My focus in my life at the moment is honesty. With myself, and with others. Honesty is difficult. You are sharing a part of you that is most vulnerable and raw, and you don’t know how you will be received.
Our writing group starts every session with a five-minute sprint on a prompt word. I always find my subconscious takes over in this exercise. This was my response to the prompt ‘enough distance’.
Is there ever enough distance from your past?
Can you ever truly escape the shadows lurking in the back of your mind sometimes rearing at you, screaming furiously?
From which you have no sanctuary; it is hard to hide from your own mind, to disappear from yourself.
It exists in blackness, yet in blackness you still cannot completely erase your existence.
There is never enough distance between the difficult emotions of your past. So you must work to reconcile the distance, the difference. You must face the truth head-on and acknowledge it.
Only then can you create the space in which to grow and to heal.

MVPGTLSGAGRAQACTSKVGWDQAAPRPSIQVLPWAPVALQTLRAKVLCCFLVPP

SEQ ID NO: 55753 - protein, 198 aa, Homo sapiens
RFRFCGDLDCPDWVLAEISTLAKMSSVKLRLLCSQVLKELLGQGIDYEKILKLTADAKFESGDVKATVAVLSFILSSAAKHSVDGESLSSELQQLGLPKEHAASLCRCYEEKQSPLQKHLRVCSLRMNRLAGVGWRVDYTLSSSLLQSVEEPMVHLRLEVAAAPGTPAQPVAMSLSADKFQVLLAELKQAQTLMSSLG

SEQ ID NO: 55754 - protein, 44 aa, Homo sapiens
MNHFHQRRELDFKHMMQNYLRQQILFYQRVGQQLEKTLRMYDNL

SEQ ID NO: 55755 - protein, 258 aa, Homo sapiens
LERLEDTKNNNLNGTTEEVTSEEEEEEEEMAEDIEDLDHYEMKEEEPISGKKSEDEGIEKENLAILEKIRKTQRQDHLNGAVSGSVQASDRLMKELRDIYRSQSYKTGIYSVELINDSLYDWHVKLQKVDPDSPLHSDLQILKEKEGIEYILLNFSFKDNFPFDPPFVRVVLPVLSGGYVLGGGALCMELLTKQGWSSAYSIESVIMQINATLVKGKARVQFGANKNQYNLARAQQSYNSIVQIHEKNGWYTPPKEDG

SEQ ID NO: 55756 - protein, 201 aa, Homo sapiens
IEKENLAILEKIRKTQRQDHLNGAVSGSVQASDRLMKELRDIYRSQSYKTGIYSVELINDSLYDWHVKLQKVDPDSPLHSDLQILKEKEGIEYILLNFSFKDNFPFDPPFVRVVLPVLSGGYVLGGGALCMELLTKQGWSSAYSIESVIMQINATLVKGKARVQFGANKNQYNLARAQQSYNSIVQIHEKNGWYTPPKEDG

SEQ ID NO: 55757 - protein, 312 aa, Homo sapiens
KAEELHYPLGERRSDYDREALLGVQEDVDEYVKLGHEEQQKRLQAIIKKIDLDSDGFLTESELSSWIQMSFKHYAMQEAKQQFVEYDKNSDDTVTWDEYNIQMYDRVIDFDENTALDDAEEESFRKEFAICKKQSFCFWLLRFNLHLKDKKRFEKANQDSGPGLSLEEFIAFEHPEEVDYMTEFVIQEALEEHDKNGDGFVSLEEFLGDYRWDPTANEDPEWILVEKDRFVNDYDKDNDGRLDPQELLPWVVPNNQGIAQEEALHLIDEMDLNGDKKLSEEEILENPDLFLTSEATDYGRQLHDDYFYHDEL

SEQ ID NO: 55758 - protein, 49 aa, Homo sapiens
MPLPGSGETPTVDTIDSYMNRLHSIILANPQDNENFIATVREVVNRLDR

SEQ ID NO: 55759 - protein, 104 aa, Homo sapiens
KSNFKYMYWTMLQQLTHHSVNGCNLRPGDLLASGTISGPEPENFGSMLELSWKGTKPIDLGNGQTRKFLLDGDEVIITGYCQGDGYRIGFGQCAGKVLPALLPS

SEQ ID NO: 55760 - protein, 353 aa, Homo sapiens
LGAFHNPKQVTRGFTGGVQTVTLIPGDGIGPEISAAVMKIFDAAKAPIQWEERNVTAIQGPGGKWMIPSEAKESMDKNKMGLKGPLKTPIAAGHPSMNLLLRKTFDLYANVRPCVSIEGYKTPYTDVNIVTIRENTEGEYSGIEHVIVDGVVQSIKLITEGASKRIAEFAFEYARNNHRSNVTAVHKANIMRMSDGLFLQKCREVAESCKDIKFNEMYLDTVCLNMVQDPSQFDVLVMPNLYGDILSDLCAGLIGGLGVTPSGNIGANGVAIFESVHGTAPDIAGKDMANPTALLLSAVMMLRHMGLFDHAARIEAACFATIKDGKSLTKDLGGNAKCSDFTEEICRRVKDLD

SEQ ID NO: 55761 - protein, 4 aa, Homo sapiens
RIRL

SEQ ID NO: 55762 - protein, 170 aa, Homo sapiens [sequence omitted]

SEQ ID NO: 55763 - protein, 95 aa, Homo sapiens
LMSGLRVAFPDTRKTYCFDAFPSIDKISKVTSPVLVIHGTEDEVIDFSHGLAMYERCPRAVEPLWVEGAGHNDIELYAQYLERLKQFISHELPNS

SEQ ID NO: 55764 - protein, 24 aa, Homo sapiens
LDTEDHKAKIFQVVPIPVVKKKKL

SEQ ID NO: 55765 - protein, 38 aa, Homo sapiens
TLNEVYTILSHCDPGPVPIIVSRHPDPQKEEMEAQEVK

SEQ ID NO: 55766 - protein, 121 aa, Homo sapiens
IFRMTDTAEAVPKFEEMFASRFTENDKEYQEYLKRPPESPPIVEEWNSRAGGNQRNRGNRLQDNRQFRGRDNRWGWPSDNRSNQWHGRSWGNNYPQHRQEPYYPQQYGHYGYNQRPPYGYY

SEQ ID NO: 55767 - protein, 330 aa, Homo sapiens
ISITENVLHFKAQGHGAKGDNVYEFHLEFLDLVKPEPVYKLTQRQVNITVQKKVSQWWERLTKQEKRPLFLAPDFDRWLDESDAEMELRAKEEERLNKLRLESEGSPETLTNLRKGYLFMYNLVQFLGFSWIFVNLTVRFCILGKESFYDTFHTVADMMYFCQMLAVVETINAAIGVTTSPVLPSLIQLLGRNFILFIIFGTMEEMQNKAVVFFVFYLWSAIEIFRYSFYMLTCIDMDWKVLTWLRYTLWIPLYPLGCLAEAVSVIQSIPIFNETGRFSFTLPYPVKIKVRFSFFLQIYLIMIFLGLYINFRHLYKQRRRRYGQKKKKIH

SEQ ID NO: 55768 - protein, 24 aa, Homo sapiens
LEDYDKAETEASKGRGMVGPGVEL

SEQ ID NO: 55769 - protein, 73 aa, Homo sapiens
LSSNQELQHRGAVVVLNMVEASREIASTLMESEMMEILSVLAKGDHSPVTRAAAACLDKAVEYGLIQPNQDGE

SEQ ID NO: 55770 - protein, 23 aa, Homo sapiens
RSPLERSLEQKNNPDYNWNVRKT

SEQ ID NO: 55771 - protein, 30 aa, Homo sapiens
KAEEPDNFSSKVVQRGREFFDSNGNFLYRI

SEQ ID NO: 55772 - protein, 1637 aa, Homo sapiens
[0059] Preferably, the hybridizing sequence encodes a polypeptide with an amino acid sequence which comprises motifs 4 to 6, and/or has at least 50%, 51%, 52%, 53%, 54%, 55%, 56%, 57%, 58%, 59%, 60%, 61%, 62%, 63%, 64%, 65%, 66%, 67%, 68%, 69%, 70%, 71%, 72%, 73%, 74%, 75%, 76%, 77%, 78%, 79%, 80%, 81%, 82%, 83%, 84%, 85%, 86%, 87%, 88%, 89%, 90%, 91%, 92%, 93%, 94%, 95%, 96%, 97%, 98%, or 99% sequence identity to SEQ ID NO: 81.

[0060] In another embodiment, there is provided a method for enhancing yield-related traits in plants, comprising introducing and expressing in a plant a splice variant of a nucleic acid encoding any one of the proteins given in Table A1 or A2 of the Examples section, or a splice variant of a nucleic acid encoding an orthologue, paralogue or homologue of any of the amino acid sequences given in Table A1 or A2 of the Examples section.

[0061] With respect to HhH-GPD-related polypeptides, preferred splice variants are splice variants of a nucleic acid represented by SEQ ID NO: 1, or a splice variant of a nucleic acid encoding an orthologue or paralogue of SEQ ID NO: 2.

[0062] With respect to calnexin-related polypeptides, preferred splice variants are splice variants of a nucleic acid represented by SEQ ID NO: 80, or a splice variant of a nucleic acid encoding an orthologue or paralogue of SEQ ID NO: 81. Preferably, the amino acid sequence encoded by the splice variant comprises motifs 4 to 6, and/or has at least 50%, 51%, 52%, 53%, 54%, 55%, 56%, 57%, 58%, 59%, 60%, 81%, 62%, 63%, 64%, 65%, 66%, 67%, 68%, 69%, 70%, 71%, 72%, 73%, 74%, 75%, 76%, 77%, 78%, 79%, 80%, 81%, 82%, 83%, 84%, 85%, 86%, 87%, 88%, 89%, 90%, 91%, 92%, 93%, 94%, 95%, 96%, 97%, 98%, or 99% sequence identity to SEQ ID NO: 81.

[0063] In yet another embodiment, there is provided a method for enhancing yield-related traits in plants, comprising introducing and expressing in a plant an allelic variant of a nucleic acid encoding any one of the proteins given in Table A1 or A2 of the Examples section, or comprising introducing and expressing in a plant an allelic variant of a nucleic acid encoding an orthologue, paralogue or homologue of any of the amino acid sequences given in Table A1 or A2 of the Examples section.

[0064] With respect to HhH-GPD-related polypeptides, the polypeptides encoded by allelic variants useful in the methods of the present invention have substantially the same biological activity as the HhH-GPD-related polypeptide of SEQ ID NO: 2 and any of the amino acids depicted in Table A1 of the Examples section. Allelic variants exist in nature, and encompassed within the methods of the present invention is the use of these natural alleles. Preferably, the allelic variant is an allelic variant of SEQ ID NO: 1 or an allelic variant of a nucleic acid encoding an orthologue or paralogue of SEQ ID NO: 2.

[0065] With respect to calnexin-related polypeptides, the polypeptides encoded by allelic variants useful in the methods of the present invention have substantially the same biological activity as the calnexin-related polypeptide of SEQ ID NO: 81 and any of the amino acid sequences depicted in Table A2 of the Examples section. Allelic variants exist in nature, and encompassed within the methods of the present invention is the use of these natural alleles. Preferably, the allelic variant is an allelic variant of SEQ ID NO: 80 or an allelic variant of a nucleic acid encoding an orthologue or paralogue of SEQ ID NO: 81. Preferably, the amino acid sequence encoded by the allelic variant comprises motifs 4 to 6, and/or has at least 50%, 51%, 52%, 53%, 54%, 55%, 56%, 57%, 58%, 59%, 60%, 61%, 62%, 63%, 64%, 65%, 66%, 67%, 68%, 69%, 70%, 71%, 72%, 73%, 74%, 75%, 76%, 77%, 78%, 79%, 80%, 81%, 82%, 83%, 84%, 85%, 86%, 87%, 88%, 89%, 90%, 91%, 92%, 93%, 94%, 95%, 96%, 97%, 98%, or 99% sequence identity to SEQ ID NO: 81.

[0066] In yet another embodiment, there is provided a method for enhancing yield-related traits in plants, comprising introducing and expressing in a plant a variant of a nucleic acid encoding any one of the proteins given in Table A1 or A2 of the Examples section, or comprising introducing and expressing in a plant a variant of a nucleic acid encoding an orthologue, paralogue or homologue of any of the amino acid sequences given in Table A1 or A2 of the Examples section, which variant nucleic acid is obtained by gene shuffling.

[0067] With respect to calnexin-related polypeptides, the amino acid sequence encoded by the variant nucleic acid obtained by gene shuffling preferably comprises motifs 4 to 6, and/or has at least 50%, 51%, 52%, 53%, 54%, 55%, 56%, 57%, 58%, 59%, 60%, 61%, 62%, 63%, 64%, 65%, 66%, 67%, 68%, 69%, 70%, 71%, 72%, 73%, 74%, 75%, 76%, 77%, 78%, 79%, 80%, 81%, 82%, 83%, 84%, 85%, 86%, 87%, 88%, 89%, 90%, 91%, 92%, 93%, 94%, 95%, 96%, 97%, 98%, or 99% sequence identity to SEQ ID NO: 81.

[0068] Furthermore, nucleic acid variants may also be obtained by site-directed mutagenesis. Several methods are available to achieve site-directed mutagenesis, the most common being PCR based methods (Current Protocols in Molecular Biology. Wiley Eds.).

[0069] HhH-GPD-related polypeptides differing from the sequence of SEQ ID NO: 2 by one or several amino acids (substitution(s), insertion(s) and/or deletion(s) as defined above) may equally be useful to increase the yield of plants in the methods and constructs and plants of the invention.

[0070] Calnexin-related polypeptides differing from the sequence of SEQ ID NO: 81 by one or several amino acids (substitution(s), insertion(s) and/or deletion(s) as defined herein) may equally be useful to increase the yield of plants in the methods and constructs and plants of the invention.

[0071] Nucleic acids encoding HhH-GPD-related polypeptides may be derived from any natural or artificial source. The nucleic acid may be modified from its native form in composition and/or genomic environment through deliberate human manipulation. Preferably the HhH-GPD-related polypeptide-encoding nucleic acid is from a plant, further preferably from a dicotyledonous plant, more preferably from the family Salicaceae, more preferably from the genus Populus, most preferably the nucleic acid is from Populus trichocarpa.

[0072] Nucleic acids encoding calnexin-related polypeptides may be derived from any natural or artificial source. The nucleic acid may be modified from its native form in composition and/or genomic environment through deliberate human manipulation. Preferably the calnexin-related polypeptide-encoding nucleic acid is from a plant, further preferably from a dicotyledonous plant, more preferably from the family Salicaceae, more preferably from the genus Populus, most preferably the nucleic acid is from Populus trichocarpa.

I had been carrying a burden for over a year. I was devastatingly ashamed. But I respected someone too much to continue keeping it a secret. I was terrified, but I knew it was time to speak my truth, at the risk of a further traumatic response. But I was blessed with compassion, and in turn honesty back, which I completely respect. I took a risk. I released my burden I had been carrying for so long. I feel like a different person now. I feel a sense of freedom and courage.
I am being honest with myself as an aspiring author. It is hard work when you are learning, and being challenged every step of the way. It is a huge learning curve, at times you feel utterly despondent and confused. I have to be honest with myself and accept that what will be will be, and I will grow and learn from it, and hopefully improve as a writer.
In all honesty? This is extremely vulnerable to say, but I really want to be a published author. Not for accolades or success, but so I can share unspoken stories with readers, to give a voice to women who have not been heard for so long – if ever in history. To share their truth, the unheard honesty of their lived experience, to expose the ‘silent shame’ of war trauma which is not theirs to be ashamed of in any sense. That is what drives me. This is my passion.
Honesty makes you extremely vulnerable. It is a risk.
It is totally worth it.
It sets you free.